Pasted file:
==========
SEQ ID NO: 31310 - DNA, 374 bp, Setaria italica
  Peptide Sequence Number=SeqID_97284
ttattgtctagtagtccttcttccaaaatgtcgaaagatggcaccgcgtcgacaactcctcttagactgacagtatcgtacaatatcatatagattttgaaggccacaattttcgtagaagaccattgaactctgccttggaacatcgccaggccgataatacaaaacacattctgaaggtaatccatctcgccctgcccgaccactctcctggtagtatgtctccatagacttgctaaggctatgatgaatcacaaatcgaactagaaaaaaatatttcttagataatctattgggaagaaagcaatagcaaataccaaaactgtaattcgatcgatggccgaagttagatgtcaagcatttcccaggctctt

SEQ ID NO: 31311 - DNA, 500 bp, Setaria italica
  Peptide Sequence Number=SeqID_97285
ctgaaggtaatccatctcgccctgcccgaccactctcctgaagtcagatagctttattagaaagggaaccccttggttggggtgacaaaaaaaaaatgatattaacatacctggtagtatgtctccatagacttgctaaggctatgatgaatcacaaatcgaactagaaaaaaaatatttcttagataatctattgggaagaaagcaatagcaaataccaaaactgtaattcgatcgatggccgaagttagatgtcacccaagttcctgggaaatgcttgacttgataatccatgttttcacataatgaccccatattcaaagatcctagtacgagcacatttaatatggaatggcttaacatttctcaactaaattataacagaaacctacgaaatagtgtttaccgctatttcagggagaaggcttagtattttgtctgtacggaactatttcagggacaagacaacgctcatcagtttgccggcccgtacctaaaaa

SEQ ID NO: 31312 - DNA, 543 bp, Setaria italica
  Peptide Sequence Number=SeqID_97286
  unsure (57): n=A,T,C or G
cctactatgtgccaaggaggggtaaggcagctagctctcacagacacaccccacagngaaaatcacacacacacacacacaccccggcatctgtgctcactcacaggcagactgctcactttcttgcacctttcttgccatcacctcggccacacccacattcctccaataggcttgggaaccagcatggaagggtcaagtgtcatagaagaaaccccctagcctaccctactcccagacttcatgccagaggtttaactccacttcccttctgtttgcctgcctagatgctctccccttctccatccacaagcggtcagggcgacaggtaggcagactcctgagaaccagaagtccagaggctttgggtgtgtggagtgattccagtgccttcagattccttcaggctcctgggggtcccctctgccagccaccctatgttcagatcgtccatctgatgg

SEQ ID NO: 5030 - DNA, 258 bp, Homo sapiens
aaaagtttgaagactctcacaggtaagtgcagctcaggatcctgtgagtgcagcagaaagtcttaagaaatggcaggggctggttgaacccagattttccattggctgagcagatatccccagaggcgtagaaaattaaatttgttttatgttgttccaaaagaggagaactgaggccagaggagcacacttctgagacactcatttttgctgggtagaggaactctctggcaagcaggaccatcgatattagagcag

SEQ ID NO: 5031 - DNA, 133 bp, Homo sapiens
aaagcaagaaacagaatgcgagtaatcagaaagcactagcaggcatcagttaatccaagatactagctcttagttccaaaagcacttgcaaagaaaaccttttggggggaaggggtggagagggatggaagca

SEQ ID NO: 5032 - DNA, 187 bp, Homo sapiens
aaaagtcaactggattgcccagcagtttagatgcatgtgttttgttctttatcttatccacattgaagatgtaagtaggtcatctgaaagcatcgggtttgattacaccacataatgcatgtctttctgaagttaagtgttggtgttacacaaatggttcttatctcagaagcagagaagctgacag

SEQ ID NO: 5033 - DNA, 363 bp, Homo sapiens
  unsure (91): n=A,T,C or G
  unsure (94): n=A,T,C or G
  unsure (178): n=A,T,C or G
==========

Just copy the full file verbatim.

SEQ ID NO: 31310 - DNA, 374 bp, Setaria italica
  Peptide Sequence Number=SeqID_97284
ttattgtctagtagtccttcttccaaaatgtcgaaagatggcaccgcgtcgacaactcctcttagactgacagtatcgtacaatatcatatagattttgaaggccacaattttcgtagaagaccattgaactctgccttggaacatcgccaggccgataatacaaaacacattctgaaggtaatccatctcgccctgcccgaccactctcctggtagtatgtctccatagacttgctaaggctatgatgaatcacaaatcgaactagaaaaaaatatttcttagataatctattgggaagaaagcaatagcaaataccaaaactgtaattcgatcgatggccgaagttagatgtcaagcatttcccaggctctt

SEQ ID NO: 31311 - DNA, 500 bp, Setaria italica
  Peptide Sequence Number=SeqID_97285
ctgaaggtaatccatctcgccctgcccgaccactctcctgaagtcagatagctttattagaaagggaaccccttggttggggtgacaaaaaaaaaatgatattaacatacctggtagtatgtctccatagacttgctaaggctatgatgaatcacaaatcgaactagaaaaaaaatatttcttagataatctattgggaagaaagcaatagcaaataccaaaactgtaattcgatcgatggccgaagttagatgtcacccaagttcctgggaaatgcttgacttgataatccatgttttcacataatgaccccatattcaaagatcctagtacgagcacatttaatatggaatggcttaacatttctcaactaaattataacagaaacctacgaaatagtgtttaccgctatttcagggagaaggcttagtattttgtctgtacggaactatttcagggacaagacaacgctcatcagtttgccggcccgtacctaaaaa

SEQ ID NO: 31312 - DNA, 543 bp, Setaria italica
  Peptide Sequence Number=SeqID_97286
  unsure (57): n=A,T,C or G
cctactatgtgccaaggaggggtaaggcagctagctctcacagacacaccccacagngaaaatcacacacacacacacacaccccggcatctgtgctcactcacaggcagactgctcactttcttgcacctttcttgccatcacctcggccacacccacattcctccaataggcttgggaaccagcatggaagggtcaagtgtcatagaagaaaccccctagcctaccctactcccagacttcatgccagaggtttaactccacttcccttctgtttgcctgcctagatgctctccccttctccatccacaagcggtcagggcgacaggtaggcagactcctgagaaccagaagtccagaggctttgggtgtgtggagtgattccagtgccttcagattccttcaggctcctgggggtcccctctgccagccaccctatgttcagatcgtccatctgatgg

SEQ ID NO: 5030 - DNA, 258 bp, Homo sapiens
aaaagtttgaagactctcacaggtaagtgcagctcaggatcctgtgagtgcagcagaaagtcttaagaaatggcaggggctggttgaacccagattttccattggctgagcagatatccccagaggcgtagaaaattaaatttgttttatgttgttccaaaagaggagaactgaggccagaggagcacacttctgagacactcatttttgctgggtagaggaactctctggcaagcaggaccatcgatattagagcag

SEQ ID NO: 5031 - DNA, 133 bp, Homo sapiens
aaagcaagaaacagaatgcgagtaatcagaaagcactagcaggcatcagttaatccaagatactagctcttagttccaaaagcacttgcaaagaaaaccttttggggggaaggggtggagagggatggaagca

SEQ ID NO: 5032 - DNA, 187 bp, Homo sapiens
aaaagtcaactggattgcccagcagtttagatgcatgtgttttgttctttatcttatccacattgaagatgtaagtaggtcatctgaaagcatcgggtttgattacaccacataatgcatgtctttctgaagttaagtgttggtgttacacaaatggttcttatctcagaagcagagaagctgacag

SEQ ID NO: 5033 - DNA, 363 bp, Homo sapiens
  unsure (91): n=A,T,C or G
  unsure (94): n=A,T,C or G
  unsure (178): n=A,T,C or G